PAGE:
Project Seagrass

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An outreach initiative to entice local ownership of the protection of seagrass meadows

Seychelles is not the only country or territory where seagrass has had to play catch up with other types of coastal wetlands and other marine ecosystems. To most Seychellois, up until recently, anything plant-like which is green and comes from the sea has been categorised as gomon; be it seaweed or seagrass. Formally, seagrass has not had a name or term to define it in the country’s native language, Seychellois Creole.

Matthew Morgan

The team behind the Coastal Wetlands and Climate Change project, whose main objective was to bring seagrass to the forefront of the climate debate in the small island state, had its work cut out in reaching out to the population (99,202 as of June 2021, National Statistics Bureau) to mobilise interest and concern over the conservation of seagrass.

Unrecognised – with no name; so where do you start?

It was imperative that seagrass was ‘localised’ to have people be mindful of it when they go for a swim in shallow waters or anchor their boats and jet skis along coastlines. Locally, the process for introducing new words in the Creole language entailed submitting options to the Creole Language Academy which had the responsibility of validating the selection and giving its seal of approval on the chosen words and terms.

But, where would the suggestions come from?

The avenue which was explored to collect names for seagrass and its five lifeforms, was similar to an alarm on snooze. Seagrass had been in the news and on social media since mid-2020, when one can argue the first alarm went off; we have seagrass, they matter, and we must protect them. Any new development in seagrass news, be it local or international, was similar to a follow-up snooze, reminding people of the initial message and adding more content and context to it. Launching the campaign to identify official Seychellois Creole terms was an exceptionally loud snooze because the project reached out to the public to contribute their ideas and suggestions. The public got the chance to re-visit all the bits of information which had been shared with them all along and engage in something fun: naming a plant!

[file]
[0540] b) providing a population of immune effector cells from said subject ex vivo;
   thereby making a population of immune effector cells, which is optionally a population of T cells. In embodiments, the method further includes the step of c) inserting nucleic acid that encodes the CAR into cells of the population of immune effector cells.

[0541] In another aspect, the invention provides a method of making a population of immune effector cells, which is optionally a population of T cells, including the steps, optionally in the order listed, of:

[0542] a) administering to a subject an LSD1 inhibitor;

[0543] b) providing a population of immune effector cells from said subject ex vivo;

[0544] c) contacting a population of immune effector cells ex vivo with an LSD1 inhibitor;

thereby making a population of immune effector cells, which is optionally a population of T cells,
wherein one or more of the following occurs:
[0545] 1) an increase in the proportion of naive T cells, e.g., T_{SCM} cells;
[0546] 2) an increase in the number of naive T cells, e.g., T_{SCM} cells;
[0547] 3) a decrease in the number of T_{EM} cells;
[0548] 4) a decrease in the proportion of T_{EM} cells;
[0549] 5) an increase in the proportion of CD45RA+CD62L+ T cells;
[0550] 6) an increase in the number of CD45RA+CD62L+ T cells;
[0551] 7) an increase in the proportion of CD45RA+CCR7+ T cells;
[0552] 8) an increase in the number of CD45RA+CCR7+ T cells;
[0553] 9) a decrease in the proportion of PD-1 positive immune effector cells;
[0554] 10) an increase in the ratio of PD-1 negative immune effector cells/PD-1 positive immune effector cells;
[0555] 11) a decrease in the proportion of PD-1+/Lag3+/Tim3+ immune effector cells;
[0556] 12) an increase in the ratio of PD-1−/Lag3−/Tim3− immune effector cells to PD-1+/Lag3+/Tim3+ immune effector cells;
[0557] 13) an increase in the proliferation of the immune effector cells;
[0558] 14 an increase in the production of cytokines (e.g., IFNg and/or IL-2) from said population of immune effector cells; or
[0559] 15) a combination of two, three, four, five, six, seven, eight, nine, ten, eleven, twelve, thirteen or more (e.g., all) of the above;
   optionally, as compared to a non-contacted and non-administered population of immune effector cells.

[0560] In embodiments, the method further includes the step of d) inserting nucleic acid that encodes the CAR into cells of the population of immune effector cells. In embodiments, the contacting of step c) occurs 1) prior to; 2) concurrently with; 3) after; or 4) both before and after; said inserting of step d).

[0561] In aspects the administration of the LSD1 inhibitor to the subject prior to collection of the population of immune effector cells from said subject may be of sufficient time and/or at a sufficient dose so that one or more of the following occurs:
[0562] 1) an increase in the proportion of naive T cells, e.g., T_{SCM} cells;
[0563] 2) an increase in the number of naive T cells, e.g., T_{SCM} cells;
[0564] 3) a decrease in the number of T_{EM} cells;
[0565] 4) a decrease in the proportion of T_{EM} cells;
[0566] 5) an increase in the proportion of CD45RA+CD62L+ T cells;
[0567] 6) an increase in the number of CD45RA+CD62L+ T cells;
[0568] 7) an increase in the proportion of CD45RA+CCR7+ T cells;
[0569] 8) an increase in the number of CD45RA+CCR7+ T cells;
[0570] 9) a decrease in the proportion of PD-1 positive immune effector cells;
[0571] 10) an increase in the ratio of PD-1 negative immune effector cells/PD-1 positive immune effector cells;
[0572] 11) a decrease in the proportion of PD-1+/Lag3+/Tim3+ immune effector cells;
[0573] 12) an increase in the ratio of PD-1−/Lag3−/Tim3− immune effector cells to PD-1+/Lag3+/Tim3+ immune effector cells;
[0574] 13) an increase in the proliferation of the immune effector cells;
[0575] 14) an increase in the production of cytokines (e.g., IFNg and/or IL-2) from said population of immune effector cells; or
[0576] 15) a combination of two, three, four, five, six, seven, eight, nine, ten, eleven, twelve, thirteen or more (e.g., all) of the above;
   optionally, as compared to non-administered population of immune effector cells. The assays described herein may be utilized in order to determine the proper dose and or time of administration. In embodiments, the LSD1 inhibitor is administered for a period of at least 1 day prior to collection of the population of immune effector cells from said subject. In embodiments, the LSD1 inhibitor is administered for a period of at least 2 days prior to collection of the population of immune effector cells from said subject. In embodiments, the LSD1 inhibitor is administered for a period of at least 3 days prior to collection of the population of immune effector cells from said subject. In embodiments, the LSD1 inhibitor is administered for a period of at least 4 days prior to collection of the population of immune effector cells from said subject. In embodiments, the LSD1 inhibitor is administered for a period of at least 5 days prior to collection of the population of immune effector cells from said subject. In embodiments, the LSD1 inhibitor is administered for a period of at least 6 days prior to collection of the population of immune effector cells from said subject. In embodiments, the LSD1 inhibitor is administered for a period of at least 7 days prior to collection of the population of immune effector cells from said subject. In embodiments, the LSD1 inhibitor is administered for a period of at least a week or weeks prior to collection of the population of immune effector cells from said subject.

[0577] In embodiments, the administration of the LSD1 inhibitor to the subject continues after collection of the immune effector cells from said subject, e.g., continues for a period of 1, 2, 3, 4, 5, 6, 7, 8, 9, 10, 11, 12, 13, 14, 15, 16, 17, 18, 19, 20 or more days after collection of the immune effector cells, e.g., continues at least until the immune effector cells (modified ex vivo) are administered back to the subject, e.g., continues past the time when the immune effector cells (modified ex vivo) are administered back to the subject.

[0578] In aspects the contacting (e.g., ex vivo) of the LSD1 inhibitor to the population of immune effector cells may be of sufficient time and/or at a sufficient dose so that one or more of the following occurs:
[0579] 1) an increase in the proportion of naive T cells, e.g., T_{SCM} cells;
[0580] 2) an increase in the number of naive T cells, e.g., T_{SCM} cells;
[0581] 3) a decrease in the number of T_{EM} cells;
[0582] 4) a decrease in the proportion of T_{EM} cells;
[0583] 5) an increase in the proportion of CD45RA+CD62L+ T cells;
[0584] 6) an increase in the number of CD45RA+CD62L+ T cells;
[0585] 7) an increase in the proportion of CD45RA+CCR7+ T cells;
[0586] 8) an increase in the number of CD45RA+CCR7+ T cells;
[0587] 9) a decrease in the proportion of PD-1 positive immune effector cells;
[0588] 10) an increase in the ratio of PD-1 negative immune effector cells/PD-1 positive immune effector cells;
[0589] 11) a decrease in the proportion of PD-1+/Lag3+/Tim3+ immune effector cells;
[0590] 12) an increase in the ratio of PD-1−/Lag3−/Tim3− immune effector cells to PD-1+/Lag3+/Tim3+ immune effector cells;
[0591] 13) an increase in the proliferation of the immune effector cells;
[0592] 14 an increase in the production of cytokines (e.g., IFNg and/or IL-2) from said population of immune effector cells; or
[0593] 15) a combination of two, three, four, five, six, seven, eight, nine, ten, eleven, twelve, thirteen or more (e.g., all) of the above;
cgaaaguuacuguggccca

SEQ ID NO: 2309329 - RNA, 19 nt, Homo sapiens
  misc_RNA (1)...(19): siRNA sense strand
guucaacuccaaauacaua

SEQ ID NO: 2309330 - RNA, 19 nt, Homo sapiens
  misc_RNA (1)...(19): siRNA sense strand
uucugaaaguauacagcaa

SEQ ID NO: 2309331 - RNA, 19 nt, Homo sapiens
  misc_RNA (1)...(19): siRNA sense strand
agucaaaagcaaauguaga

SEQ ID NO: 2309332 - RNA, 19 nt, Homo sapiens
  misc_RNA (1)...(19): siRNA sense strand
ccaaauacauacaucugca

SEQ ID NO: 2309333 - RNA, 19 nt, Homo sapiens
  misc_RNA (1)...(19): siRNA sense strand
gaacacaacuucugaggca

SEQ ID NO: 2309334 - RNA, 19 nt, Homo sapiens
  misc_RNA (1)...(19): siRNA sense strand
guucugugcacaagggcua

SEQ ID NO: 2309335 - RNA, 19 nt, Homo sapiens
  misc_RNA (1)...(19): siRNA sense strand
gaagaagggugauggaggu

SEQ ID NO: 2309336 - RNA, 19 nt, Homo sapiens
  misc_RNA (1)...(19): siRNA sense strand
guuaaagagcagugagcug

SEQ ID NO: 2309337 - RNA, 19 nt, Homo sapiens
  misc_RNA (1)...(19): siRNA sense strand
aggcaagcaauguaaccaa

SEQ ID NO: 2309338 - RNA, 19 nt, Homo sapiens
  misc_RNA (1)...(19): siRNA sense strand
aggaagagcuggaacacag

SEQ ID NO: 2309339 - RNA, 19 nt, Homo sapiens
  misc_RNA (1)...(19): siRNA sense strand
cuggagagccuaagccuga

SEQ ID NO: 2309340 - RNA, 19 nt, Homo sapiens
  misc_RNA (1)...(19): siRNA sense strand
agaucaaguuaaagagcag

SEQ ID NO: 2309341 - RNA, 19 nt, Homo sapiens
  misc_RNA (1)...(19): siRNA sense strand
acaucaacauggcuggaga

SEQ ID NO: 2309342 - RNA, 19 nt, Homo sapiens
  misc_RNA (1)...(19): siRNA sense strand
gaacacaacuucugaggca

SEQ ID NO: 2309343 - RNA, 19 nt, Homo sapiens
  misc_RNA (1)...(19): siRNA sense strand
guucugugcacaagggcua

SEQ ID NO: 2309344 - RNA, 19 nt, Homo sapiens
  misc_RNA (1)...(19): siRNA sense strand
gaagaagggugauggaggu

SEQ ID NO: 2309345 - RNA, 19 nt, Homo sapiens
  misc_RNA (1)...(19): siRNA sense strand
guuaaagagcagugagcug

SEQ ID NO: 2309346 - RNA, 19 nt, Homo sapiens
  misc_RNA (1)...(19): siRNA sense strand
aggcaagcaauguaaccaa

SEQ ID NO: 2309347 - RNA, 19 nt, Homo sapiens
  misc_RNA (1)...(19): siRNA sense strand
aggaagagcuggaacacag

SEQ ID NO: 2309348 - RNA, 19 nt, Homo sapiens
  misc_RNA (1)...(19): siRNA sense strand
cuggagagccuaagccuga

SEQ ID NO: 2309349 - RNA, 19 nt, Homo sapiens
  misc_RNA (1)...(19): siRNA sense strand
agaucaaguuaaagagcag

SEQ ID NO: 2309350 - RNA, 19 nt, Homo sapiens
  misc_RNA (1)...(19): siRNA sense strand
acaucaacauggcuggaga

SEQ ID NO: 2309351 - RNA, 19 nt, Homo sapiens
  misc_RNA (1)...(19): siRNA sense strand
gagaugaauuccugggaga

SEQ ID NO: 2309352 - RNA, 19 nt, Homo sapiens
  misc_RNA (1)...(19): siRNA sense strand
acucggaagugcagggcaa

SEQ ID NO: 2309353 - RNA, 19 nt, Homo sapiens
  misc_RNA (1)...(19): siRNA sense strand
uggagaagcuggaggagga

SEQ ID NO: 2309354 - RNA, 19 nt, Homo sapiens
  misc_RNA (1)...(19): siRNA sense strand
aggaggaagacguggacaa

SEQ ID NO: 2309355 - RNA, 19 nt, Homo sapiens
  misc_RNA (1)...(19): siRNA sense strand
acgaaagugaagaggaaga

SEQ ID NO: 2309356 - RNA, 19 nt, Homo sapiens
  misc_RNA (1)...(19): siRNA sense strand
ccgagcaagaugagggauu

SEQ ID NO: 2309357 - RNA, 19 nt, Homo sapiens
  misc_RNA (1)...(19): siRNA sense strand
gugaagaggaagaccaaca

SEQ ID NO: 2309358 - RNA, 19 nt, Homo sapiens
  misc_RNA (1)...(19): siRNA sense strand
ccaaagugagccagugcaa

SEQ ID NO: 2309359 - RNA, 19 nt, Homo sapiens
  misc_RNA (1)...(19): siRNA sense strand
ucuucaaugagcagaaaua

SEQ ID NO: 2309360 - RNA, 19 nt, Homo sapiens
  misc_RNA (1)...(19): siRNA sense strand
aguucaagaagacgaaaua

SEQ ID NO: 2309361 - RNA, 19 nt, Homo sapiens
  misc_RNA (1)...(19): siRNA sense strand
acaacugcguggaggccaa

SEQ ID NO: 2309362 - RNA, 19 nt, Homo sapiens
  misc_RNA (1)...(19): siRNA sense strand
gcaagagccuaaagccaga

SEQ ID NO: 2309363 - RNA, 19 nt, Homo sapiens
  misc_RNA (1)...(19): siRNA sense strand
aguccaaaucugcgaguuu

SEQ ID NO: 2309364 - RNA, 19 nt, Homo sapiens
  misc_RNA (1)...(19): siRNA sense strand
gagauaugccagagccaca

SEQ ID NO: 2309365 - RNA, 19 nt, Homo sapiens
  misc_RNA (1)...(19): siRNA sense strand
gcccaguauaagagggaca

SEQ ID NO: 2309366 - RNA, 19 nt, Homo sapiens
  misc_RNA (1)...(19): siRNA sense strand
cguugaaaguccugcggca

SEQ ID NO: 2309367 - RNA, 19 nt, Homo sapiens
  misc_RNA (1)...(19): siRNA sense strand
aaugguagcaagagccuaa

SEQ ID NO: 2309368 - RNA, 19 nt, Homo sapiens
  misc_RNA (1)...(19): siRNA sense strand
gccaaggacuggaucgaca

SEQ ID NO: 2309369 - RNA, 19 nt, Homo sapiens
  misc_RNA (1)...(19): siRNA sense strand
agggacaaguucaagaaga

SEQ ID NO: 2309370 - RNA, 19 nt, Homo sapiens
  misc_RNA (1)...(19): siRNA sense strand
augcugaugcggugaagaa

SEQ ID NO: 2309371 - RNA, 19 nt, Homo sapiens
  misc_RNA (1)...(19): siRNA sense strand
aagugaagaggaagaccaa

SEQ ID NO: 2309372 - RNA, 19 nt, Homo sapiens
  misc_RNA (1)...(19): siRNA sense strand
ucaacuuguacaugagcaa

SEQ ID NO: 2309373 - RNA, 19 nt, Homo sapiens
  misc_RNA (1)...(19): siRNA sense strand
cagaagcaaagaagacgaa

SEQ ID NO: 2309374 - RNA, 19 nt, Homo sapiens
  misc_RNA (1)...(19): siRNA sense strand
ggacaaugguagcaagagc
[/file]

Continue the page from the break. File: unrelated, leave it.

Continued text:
Social media, print media, the radio and emails were all used to reach out to the public to engage in a survey to select and/or suggest names.

A very important segment of the public which had to be consulted was local fishermen who undisputedly have a closer connection with the ocean and all that it encompasses compared to the rest of us.  Fishermen in Seychelles often come from fishing families and are familiar with terms used as reference to all forms of marine life. As it turned out, according to them, there were already existing names for seagrass; they simply had not been made official.

Charlene Albert

The project team sought the help of local district administrators in identifying and locating fishermen to take part in the nation-wide survey.

Those names along with others which were collected from members of the public were assessed by an Emerald Committee made up of linguists, scientists and conservationists specifically set up to prepare a short list for submission to the Academy.

Zerb lanmer and Gomon zerb were the two new terms jointly selected to be added to the Seychellois language, respecting both the scientific sense of seagrass as well as incorporating its cultural significance. The words will be featured in the next edition of the Creole dictionary.

To find out more about the project’s outreach activities, visit the project’s page: Resources – SeyCCAT – The Seychelles Conservation and Climate Adaptation Trust


Submitted by SeyCCAT